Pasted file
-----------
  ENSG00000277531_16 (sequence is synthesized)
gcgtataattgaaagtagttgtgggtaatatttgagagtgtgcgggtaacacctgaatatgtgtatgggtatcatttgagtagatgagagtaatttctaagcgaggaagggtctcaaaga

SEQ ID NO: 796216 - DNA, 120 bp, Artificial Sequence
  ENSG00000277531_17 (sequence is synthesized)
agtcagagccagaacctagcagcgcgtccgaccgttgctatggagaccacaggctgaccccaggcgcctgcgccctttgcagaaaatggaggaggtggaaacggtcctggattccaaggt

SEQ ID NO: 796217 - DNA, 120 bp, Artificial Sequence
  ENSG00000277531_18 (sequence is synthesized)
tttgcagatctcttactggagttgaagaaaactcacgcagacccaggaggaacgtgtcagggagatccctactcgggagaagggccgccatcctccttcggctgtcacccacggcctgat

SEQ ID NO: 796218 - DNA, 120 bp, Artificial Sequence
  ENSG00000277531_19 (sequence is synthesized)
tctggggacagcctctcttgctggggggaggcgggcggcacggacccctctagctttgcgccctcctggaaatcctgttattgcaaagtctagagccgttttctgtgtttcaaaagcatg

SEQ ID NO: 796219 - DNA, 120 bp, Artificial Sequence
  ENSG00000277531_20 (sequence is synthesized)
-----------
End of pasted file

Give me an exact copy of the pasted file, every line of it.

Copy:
  ENSG00000277531_16 (sequence is synthesized)
gcgtataattgaaagtagttgtgggtaatatttgagagtgtgcgggtaacacctgaatatgtgtatgggtatcatttgagtagatgagagtaatttctaagcgaggaagggtctcaaaga

SEQ ID NO: 796216 - DNA, 120 bp, Artificial Sequence
  ENSG00000277531_17 (sequence is synthesized)
agtcagagccagaacctagcagcgcgtccgaccgttgctatggagaccacaggctgaccccaggcgcctgcgccctttgcagaaaatggaggaggtggaaacggtcctggattccaaggt

SEQ ID NO: 796217 - DNA, 120 bp, Artificial Sequence
  ENSG00000277531_18 (sequence is synthesized)
tttgcagatctcttactggagttgaagaaaactcacgcagacccaggaggaacgtgtcagggagatccctactcgggagaagggccgccatcctccttcggctgtcacccacggcctgat

SEQ ID NO: 796218 - DNA, 120 bp, Artificial Sequence
  ENSG00000277531_19 (sequence is synthesized)
tctggggacagcctctcttgctggggggaggcgggcggcacggacccctctagctttgcgccctcctggaaatcctgttattgcaaagtctagagccgttttctgtgtttcaaaagcatg

SEQ ID NO: 796219 - DNA, 120 bp, Artificial Sequence
  ENSG00000277531_20 (sequence is synthesized)